AMD completed their second step in restructuring

On the brighter side, AMD completed the second of their three-phase restructuring plan that was announced in Q3 2012. The three keywords to this plan are: restructure, accelerate, and transform. Earlier this year, AMD completed the first phase by dramatically decreasing operating expenses while increasing revenues. The second step involved boosting revenues dramatically with an entire new set of products, specifically being the gaming consoles, new graphics cards, and Mac Pro FirePro professional graphics solutions for the fourth quarter of 2013. Being halfway through their recovery, AMD's final plan involves a complete transformation of their offering with an even further diversification in product line-ups ranging from semi-customs, ultra-portable, servers, professional graphics, and more. The goal is to have these growth businesses generate at least 50% of their revenue by the end of 2015.

It's going to take some time

Unfortunately AMD's turnaround is going to take time as this is not something that's going to happen tomorrow or even this quarter. The reality was that many investors were really hoping that AMD would annihilate on earnings, and when they failed to satisfy the hype it resulted in a heavy 12% sell-off on the post earnings trading session. AMD, as said by CEO Rory Read, is only halfway through a multi-year turnaround and it will likely take at least a year before we start to see a strong foundation under the company. Lastly, they announced that their goal for 2014 was just to generate a profit or at least stay out of the red, and with the last two quarters easily showing increasing profitability, I believe this is a very conservative goal that should easily be exceeded.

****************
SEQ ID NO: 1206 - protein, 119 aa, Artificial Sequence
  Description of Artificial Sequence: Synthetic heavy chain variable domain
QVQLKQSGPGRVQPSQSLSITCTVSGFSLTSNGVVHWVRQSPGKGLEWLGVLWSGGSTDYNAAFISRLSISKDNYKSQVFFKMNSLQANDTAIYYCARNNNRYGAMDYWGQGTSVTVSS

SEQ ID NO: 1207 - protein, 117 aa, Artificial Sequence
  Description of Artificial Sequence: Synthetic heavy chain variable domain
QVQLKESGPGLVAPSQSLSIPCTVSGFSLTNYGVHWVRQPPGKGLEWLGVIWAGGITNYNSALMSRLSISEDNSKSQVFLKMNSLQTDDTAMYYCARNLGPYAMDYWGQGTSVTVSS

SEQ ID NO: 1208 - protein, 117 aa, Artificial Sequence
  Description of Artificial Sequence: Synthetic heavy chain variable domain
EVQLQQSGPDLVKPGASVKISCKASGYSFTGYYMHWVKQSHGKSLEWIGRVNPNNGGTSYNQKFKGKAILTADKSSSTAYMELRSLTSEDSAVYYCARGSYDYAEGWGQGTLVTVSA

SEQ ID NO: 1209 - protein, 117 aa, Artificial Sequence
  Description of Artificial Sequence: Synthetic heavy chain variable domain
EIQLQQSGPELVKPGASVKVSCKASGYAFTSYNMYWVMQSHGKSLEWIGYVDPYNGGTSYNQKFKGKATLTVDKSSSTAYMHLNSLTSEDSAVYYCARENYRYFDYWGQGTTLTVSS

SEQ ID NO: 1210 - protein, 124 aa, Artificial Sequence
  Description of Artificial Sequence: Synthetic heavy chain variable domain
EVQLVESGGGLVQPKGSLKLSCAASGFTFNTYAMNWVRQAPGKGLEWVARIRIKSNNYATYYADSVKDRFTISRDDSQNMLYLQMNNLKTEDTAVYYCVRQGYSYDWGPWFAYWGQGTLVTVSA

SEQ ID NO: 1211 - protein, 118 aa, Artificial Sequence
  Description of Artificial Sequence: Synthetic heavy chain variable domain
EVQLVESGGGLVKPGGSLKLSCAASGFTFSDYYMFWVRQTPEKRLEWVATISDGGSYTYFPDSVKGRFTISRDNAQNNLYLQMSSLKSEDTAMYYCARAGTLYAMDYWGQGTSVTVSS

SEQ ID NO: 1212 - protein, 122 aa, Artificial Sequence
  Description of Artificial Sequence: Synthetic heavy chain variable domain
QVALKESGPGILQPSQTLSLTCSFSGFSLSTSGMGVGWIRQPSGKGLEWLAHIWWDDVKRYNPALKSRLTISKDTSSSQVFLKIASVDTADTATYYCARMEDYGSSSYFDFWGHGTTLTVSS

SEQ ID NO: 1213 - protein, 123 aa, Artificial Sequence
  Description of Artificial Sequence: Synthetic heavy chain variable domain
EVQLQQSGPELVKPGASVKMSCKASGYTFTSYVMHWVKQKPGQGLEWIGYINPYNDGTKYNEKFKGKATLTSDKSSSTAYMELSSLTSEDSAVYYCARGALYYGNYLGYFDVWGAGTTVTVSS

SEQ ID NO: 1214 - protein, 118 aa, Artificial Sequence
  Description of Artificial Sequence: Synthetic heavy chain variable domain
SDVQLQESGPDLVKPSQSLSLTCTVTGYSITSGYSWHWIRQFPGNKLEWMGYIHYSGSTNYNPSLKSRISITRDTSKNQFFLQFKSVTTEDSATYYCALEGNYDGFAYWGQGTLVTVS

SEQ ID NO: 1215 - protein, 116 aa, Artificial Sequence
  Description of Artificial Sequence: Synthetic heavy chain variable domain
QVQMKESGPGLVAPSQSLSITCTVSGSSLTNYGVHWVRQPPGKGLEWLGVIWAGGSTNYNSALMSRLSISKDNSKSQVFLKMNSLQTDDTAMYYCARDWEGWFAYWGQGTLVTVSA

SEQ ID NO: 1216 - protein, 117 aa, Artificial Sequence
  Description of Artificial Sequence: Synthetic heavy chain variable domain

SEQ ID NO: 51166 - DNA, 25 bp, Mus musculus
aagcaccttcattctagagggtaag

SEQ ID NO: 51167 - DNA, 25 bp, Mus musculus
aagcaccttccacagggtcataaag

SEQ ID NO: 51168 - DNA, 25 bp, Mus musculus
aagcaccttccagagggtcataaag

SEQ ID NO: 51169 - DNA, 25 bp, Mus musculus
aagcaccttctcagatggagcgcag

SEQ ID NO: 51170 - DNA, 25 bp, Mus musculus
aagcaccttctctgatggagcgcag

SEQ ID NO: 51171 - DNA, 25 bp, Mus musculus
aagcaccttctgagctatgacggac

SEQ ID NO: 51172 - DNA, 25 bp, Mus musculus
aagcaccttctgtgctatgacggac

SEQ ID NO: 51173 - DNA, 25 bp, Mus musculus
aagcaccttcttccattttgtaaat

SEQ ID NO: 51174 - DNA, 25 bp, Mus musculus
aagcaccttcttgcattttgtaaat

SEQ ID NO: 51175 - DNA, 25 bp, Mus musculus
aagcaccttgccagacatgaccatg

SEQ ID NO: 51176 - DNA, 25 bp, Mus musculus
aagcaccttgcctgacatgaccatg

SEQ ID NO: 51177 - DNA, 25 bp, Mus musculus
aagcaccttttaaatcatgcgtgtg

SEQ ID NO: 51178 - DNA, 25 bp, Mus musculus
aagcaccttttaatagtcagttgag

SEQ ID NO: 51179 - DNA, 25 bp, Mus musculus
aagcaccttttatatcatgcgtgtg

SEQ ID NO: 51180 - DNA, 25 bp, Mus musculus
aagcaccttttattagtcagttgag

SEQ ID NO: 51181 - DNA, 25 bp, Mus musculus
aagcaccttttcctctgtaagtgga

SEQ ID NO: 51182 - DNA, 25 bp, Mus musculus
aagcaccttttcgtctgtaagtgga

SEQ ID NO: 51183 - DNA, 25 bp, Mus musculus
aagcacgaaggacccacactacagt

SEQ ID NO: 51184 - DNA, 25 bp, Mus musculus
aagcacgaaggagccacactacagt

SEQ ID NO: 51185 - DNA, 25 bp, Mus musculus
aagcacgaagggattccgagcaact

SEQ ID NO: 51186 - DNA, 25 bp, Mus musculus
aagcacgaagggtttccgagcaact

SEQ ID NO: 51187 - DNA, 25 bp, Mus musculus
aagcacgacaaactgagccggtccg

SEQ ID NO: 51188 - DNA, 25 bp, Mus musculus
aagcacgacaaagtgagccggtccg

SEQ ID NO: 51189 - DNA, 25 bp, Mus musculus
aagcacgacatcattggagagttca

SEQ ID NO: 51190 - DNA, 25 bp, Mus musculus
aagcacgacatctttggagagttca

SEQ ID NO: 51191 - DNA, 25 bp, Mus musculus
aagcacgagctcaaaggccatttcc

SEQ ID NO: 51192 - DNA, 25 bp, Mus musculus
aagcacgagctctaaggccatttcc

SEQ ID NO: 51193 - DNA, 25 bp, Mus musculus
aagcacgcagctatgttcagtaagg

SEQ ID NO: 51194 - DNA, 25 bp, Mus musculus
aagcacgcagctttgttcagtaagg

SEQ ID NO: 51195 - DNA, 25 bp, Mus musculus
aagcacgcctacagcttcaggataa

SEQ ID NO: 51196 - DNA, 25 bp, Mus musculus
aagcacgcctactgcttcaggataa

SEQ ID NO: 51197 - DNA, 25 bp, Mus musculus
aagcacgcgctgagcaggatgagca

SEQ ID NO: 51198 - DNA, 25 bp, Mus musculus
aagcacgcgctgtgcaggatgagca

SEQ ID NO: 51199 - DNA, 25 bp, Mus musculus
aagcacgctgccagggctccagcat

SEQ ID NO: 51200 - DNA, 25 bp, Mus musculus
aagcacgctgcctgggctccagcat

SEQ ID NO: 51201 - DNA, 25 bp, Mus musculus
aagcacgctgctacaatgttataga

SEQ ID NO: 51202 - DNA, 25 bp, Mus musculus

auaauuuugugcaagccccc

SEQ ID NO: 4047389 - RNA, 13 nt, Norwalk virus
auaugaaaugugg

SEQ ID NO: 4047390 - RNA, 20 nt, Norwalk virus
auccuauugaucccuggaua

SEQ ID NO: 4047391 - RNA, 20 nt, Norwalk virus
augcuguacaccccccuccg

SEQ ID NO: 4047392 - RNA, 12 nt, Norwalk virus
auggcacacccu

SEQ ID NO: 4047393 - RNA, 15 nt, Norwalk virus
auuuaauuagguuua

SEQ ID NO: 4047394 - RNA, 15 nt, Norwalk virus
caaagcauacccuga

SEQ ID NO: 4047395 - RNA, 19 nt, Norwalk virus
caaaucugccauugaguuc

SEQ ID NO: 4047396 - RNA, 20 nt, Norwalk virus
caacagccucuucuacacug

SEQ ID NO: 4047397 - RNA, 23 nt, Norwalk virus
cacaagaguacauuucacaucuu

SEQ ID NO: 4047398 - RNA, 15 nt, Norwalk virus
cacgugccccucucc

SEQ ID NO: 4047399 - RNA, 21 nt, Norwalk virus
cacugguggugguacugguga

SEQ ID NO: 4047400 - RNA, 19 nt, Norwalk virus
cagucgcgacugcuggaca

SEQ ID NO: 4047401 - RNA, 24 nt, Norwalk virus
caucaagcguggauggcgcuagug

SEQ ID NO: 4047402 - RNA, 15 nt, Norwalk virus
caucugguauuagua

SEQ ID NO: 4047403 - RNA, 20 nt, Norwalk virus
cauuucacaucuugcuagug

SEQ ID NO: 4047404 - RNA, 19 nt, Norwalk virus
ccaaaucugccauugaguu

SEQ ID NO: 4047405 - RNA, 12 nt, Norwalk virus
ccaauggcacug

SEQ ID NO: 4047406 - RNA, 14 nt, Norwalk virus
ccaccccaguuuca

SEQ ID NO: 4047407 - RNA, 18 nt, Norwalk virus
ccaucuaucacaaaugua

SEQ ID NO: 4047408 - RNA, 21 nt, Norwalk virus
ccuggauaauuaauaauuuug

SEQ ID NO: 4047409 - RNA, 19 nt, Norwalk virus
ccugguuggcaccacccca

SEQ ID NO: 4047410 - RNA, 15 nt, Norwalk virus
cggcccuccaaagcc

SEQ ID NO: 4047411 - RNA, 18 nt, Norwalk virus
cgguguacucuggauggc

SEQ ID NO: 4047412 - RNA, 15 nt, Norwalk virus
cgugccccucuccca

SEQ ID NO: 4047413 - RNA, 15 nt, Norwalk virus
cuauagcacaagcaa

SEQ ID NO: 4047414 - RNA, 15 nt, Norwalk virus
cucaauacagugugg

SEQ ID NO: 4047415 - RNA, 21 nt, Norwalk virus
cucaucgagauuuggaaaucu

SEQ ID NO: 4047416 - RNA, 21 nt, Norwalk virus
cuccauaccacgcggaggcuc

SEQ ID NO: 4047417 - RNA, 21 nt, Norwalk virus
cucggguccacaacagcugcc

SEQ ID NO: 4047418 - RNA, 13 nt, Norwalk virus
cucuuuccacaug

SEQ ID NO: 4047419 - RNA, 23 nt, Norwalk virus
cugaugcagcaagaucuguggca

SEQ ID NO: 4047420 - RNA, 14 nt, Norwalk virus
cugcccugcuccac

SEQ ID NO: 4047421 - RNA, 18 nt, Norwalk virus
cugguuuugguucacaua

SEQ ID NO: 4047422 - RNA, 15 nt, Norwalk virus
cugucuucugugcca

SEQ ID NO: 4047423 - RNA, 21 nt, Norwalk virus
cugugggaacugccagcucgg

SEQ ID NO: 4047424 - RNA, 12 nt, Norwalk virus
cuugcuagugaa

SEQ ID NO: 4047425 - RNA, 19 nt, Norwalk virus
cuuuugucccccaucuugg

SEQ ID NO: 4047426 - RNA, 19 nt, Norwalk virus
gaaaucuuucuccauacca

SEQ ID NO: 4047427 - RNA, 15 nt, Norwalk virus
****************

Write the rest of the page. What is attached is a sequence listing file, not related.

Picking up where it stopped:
AMD has demonstrated on-time results for its restructuring promise in everything except computing solutions, now being their new focus. As AMD continues their turnaround, I believe that they have what it takes to meet and exceed the expectations of the market. Please note that when investing AMD, just like Contributor Justin Jaynes said, it is wise to use extreme caution and note that we are dealing with a company that has a very blurry future. It's also fair to note that AMD trades with a beta of 2.21, meaning it is more than twice as volatile as the market, so again caution is advised. That aside, AMD is my number one pick for 2014.

Disclosure: I am long AMD. I wrote this article myself, and it expresses my own opinions. I am not receiving compensation for it (other than from Seeking Alpha). I have no business relationship with any company whose stock is mentioned in this article.

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Tagged: , Semiconductor - Broad Line, Earnings